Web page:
Northampton Electronic Collection of Theses and Research

Dystrophin quantification: biological and translational research implications

Anthony, K., Arechavala-Gomeza, V., Taylor, L. E., Vulin, A., Kaminoh, Y., Torelli, S., Feng, L., Janghra, N., Bonne, G., Beuvin, M., Barresi, R., Henderson, M., Laval, S., Lourbakos, A., Campion, G., Straub, V., Voit, T., Sewry, C. A., Morgan, J. E., Flanigan, K. M. and Muntoni, F. (2014) Dystrophin quantification: biological and translational research implications. Neurology. 83(22), pp. 2062-2069. 0028-3878.

Item Type: Article
Abstract: Objective: We formed a multi-institution collaboration in order to compare dystrophin quantification methods, reach a consensus on the most reliable method, and report its biological significance in the context of clinical trials. Methods: Five laboratories with expertise in dystrophin quantification performed a data-driven comparative analysis of a single reference set of normal and dystrophinopathy muscle biopsies using quantitative immunohistochemistry and Western blotting. We developed standardized protocols and assessed inter- and intralaboratory variability over a wide range of dystrophin expression levels. Results: Results from the different laboratories were highly concordant with minimal inter- and intralaboratory variability, particularly with quantitative immunohistochemistry. There was a good level of agreement between data generated by immunohistochemistry and Western blotting, although immunohistochemistry was more sensitive. Furthermore, mean dystrophin levels determined by alternative quantitative immunohistochemistry methods were highly comparable. Conclusions: Considering the biological function of dystrophin at the sarcolemma, our data indicate that the combined use of quantitative immunohistochemistry and Western blotting are reliable biochemical outcome measures for Duchenne muscular dystrophy clinical trials, and that standardized protocols can be comparable between competent laboratories. The methodology validated in our study will facilitate the development of experimental therapies focused on dystrophin production and their regulatory approval.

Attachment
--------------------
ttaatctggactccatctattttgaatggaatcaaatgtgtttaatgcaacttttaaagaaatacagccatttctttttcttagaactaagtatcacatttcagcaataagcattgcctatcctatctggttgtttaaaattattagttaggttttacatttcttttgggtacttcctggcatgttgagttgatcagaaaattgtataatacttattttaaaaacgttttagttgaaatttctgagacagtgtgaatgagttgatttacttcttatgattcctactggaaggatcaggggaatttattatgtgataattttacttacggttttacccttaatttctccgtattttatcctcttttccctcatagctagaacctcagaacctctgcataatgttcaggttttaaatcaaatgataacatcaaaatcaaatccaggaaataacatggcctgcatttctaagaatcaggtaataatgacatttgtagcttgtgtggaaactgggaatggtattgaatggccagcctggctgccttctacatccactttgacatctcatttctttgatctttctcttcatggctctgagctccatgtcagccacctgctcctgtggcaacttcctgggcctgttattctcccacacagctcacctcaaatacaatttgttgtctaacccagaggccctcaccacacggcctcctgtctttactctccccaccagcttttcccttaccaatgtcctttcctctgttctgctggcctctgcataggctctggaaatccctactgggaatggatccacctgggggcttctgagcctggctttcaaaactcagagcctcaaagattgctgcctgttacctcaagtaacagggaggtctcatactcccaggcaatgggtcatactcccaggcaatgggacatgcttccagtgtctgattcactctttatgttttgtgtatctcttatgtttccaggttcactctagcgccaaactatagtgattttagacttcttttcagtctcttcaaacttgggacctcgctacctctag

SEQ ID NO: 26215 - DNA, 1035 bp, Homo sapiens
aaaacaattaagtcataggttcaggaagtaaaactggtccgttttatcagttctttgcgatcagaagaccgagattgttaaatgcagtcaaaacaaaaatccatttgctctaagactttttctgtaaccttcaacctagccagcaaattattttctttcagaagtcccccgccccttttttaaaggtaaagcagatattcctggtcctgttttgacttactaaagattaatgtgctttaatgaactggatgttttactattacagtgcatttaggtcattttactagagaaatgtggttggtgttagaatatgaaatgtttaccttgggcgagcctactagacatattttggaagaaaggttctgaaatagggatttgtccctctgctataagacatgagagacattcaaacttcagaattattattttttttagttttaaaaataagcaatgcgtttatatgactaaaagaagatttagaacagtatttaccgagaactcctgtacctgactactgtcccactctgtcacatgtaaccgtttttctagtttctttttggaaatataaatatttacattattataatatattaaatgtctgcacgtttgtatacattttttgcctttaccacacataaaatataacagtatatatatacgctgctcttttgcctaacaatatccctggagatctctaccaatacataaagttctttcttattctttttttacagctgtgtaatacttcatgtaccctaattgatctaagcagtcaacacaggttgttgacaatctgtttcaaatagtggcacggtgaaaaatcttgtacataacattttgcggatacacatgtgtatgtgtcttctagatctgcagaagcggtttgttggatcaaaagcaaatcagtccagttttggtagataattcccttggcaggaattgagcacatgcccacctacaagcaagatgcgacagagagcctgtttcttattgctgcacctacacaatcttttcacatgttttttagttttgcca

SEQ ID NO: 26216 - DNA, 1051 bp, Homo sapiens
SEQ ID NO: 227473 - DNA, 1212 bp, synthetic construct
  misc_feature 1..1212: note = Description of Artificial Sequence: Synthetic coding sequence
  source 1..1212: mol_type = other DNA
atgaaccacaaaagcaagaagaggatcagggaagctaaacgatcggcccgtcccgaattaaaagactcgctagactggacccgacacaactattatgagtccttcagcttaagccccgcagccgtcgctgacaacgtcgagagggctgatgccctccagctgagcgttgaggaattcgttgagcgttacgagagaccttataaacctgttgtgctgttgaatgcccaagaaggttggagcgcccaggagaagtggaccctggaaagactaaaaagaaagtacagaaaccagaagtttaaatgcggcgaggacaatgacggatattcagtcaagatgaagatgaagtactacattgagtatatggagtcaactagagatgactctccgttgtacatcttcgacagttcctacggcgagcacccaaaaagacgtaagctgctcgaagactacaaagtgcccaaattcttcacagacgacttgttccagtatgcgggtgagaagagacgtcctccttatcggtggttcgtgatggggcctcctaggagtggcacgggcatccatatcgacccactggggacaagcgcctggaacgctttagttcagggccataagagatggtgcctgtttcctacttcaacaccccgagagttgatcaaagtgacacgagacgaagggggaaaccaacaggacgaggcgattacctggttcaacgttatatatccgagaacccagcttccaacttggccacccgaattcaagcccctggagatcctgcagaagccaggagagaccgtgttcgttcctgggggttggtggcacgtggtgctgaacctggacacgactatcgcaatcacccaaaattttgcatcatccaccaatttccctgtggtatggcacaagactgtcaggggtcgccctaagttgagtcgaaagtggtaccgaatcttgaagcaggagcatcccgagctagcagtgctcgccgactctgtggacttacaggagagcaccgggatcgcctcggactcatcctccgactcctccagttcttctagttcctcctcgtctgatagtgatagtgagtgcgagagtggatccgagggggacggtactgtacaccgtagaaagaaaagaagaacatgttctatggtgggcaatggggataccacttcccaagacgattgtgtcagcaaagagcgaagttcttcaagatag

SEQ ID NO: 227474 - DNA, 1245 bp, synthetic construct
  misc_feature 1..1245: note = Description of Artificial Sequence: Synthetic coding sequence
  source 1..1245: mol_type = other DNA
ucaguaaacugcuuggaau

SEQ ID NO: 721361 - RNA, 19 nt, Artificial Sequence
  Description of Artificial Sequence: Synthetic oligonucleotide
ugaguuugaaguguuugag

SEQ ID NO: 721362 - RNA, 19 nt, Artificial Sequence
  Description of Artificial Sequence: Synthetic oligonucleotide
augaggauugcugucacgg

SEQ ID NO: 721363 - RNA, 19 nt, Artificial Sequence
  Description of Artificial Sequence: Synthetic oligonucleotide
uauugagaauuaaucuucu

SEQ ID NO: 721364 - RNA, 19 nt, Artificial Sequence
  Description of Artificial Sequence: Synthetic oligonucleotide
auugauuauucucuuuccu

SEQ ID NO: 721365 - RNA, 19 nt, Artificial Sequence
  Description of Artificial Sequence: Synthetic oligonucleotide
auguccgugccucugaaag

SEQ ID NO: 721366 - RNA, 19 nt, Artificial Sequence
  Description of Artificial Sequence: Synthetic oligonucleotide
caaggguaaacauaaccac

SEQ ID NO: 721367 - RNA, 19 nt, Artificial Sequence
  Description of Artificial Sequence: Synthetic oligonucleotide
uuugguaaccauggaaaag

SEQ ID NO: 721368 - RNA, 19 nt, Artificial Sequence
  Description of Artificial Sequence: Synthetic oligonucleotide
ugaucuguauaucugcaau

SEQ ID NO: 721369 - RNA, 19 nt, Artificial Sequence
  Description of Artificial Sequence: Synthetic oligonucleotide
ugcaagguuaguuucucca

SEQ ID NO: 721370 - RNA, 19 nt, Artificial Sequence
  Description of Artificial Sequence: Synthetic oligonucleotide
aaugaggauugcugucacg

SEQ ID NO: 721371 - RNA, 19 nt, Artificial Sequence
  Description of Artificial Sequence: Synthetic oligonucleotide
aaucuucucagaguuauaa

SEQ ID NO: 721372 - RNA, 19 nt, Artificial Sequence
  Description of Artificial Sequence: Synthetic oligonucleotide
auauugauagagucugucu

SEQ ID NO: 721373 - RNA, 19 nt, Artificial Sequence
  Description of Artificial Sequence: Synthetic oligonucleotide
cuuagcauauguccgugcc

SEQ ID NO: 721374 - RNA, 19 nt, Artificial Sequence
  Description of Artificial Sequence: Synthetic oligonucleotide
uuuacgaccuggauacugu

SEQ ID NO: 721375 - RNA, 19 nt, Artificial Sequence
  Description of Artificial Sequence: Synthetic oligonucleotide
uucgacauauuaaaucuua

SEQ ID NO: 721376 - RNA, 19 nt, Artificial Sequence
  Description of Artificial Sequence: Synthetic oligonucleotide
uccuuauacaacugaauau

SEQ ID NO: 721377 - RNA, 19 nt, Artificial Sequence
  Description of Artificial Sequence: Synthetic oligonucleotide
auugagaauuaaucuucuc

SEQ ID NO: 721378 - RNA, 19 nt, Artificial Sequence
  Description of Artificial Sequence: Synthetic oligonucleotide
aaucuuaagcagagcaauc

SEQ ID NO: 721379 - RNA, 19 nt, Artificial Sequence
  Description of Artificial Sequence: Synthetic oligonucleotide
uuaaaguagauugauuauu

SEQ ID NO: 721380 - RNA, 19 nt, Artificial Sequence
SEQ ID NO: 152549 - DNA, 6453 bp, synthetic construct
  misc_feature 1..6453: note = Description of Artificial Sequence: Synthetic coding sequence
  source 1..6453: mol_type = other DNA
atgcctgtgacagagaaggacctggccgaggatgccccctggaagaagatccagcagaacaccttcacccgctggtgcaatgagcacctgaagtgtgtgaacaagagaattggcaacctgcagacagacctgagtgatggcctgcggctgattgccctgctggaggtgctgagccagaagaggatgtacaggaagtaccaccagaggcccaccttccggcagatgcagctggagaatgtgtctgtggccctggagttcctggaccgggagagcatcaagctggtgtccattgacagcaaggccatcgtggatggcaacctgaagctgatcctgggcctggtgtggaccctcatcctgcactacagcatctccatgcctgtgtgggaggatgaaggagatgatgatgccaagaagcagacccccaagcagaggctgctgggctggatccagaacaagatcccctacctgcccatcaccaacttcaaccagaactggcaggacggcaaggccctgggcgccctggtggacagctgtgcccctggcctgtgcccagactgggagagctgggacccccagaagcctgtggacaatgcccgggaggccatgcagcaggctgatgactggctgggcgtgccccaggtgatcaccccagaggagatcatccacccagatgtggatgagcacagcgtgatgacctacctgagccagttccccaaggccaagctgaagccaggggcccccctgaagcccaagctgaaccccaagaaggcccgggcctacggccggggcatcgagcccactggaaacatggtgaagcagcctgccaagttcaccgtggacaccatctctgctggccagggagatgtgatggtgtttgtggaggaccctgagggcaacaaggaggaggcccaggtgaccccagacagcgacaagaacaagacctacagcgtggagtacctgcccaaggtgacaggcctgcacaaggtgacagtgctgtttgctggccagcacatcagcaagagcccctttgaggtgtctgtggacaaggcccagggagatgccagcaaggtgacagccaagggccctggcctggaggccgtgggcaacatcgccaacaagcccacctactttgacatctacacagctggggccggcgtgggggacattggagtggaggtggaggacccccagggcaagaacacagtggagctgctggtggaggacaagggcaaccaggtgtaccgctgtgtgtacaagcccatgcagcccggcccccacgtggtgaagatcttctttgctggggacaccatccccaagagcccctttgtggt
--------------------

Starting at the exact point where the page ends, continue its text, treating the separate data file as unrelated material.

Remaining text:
Subjects: Q Science > QH Natural history > QH426 Genetics > QH438.7 Human genetics
R Medicine > RC Internal medicine > RC925 Diseases of the musculoskeletal system > RC935.M7 Muscular dystrophy
Creators: Anthony, Karen, Arechavala-Gomeza, Virginia, Taylor, Laura E, Vulin, Adeline, Kaminoh, Yuuki, Torelli, Silvia, Feng, Lucy, Janghra, Narinder, Bonne, Gisele, Beuvin, Maud, Barresi, Rita, Henderson, Matt, Laval, Steven, Lourbakos, Afrodite, Campion, Giles, Straub, Volker, Voit, Thomas, Sewry, Caroline A, Morgan, Jennifer E, Flanigan, Kevin M and Muntoni, Francesco
Publisher: American Academy of Neurology
Faculties, Divisions and Institutes: University Faculties, Divisions and Research Centres - OLD > Research Centre > Institute of Health and Wellbeing > Ageing Research Centre
University Faculties, Divisions and Research Centres - OLD > Faculty of Health & Society > Sports, Exercise & Life Sciences
Faculties > Faculty of Health & Society > Sports, Exercise & Life Sciences
Research Centres > Centre for Health Sciences and Services
Research Centres > Centre for Physical Activity and Life Sciences
Date: 25 November 2014
Date Type: Publication
Page Range: pp. 2062-2069
Journal or Publication Title: Neurology
Volume: 83
Number: 22
Language: English
DOI: https://doi.org/10.​1212/​WNL.​0000000000001025
ISSN: 0028-3878
Status: Published / Disseminated
URI: http://nectar.northampton.ac.uk/id/eprint/8013

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